Sapir, Whorf – eat your heart out!

We are all fashioned by the language we speak, or rather, we are moulded by the consequences of growing up and living in a particular cultural sphere. Life is a serious of choices; all of them equally important in the grand scheme of things. But what, for example, happens when we touch another language? Our options expand and we become privy to another cultural sphere. Maybe an example would work well here. If, for example, one speaks English and Polish then one is open to two cultural spheres. But what happens when one begins to learn, let’s say, Arabic. Then another cultural sphere opens up and another range of opportunities reveals itself. If one continues to go down this path, one is shaped – to an extent – by the new cultural sphere and the opportunities attached to that sphere. If, however, one decides not to continue down this new path, then the opportunities change. They do not necessarily decrease, but they deepen within another sphere. All interesting stuff…

Advertisements

4 Responses to “Sapir, Whorf – eat your heart out!”

  1. monika Says:

    You sound like you have it all figured out: we are shaped by the language we speak.Period. A few questions, however, need further explanation. What do you mean by ‘fashioned by the language we speak’? and ‘culture’? surely, you are not mistaking it for ‘nation’, are you?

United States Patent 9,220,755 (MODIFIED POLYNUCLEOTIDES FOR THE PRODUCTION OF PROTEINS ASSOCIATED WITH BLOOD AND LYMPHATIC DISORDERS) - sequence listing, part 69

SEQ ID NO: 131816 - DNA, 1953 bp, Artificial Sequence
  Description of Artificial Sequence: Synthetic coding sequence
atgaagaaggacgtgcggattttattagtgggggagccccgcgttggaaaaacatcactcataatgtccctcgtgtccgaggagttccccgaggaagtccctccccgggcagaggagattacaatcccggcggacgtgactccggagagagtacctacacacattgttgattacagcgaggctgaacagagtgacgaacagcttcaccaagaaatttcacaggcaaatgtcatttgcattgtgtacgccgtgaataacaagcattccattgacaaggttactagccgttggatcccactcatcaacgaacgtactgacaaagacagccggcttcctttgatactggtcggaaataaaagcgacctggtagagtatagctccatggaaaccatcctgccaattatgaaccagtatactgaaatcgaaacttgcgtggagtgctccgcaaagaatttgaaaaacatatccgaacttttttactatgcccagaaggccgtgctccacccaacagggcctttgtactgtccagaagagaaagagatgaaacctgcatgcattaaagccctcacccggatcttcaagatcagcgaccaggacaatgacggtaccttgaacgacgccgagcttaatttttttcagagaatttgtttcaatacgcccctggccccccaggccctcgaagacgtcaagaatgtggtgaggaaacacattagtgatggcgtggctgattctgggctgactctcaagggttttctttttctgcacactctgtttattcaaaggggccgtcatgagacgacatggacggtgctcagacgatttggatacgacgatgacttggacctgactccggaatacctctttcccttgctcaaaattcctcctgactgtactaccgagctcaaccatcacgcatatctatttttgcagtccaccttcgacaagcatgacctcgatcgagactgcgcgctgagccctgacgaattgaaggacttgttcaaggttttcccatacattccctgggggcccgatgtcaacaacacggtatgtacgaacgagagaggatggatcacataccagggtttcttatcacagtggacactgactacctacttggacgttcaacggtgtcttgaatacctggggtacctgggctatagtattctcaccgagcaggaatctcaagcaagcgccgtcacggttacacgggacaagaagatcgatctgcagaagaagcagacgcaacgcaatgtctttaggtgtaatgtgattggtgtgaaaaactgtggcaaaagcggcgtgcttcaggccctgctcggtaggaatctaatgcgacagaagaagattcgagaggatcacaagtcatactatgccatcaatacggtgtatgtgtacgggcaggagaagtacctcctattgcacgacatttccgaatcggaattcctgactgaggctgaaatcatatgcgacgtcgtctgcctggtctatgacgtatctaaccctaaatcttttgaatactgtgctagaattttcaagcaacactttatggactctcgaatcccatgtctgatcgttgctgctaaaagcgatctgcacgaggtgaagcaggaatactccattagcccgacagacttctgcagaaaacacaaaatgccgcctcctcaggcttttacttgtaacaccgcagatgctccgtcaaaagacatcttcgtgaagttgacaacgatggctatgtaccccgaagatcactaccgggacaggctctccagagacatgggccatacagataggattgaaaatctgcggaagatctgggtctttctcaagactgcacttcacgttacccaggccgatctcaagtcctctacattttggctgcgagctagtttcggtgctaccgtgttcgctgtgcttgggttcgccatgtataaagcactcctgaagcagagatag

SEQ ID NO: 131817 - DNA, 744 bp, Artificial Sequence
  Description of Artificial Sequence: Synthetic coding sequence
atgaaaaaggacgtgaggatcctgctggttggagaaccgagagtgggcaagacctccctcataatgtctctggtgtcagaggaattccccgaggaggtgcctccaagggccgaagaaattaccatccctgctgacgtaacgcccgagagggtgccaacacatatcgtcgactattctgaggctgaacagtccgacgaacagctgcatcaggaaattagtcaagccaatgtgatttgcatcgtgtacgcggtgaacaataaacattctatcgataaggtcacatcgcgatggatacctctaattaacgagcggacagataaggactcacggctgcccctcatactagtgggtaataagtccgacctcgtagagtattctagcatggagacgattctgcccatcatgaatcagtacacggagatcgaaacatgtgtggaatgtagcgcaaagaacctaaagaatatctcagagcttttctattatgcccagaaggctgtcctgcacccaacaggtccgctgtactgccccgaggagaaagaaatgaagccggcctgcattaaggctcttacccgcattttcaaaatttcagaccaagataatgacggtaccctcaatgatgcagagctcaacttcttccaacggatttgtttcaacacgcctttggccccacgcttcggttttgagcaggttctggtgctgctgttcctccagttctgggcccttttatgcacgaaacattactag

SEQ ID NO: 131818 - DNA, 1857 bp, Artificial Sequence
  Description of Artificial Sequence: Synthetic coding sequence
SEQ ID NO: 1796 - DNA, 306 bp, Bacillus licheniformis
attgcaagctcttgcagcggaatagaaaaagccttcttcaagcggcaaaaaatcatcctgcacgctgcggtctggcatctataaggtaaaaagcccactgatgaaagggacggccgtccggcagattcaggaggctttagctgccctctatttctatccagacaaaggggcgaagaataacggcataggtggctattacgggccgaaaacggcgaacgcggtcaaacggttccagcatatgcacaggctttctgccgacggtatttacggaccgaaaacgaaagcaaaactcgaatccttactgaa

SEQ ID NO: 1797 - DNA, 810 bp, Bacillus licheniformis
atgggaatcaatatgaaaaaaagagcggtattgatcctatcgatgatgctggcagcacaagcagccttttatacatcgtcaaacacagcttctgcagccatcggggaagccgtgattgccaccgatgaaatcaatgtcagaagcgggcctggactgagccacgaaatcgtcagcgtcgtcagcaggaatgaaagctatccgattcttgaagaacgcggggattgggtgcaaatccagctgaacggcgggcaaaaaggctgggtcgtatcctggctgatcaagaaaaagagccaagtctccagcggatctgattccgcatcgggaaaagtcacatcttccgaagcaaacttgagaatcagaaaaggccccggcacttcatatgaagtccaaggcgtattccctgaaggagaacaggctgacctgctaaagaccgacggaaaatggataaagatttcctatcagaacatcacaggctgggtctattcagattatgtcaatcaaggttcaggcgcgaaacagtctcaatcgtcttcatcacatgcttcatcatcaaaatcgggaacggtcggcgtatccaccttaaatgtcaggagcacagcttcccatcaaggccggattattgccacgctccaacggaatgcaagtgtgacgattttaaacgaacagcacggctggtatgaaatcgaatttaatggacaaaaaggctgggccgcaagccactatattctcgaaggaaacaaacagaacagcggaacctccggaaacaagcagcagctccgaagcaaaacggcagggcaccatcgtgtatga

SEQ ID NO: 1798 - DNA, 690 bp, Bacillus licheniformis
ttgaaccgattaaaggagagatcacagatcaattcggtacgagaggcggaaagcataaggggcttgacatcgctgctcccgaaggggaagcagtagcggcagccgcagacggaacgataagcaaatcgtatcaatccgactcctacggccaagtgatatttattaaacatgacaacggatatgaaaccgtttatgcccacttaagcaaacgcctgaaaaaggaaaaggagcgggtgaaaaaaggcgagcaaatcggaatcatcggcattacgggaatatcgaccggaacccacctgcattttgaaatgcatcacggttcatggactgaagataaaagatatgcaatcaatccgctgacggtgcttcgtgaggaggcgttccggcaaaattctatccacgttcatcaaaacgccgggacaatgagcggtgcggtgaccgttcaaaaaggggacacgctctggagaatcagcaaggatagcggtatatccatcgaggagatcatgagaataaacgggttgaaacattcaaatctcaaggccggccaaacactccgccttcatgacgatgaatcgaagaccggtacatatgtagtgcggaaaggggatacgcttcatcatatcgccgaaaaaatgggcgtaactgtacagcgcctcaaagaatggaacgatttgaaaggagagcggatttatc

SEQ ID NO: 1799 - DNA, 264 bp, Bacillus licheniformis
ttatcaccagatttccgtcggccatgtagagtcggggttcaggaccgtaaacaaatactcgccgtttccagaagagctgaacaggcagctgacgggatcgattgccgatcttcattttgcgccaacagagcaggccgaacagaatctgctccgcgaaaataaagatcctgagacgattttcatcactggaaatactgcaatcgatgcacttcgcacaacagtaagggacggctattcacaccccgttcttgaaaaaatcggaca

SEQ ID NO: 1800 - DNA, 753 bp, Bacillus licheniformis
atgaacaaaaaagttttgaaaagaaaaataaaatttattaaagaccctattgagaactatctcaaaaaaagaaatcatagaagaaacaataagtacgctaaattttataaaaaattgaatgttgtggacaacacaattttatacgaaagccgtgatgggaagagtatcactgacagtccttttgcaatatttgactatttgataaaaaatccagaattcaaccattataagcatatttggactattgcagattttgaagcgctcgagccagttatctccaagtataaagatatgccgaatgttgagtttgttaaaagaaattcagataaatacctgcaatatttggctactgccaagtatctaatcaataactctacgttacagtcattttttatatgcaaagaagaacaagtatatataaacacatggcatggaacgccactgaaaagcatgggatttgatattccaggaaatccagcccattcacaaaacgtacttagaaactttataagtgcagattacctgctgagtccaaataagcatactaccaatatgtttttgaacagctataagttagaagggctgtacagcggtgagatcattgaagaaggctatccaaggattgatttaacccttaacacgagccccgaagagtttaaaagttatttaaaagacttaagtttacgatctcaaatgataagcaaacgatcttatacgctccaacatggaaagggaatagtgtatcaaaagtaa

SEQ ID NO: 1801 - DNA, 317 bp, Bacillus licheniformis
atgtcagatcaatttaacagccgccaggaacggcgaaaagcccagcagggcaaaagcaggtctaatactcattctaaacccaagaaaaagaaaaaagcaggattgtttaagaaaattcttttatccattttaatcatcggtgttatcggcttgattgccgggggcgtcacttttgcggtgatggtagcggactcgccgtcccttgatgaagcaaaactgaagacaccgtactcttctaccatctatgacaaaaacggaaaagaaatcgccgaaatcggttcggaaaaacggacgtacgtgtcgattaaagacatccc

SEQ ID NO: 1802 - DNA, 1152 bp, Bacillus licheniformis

2. transubstantiation Says:

    What is meant is that we are all to some extent effected by the language we speak and the culture in which we live. This culture, which is passed on to others through the medium of language, is a major factor in the definition of who we are. Culture and nation are very different concepts and are of course not to be mistaken. However, do you really think we are completely shaped by language? Do you think that the terms ‘culture’ and ‘nation’ are interchangeable?

  3. monika Says:

    What I mean is I would like to know how you define ‘culture’ and how it relates to language, i.e. what role language plays in culture or culture in language. It’s just that what you say seems to be what I’d call an either-or approach – very authoritative, black-or-white kind of approach.

  4. transubstantiation Says:

    I’m probably going to be repeating myself, Monika. Language is a manifestation of our culture. It allows us to describe our culture. Language is a tool. Culture is a category higher than culture.


Leave a Reply

Fill in your details below or click an icon to log in:

WordPress.com Logo

You are commenting using your WordPress.com account. Log Out / Change )

Twitter picture

You are commenting using your Twitter account. Log Out / Change )

Facebook photo

You are commenting using your Facebook account. Log Out / Change )

Google+ photo

You are commenting using your Google+ account. Log Out / Change )

Connecting to %s

%d bloggers like this: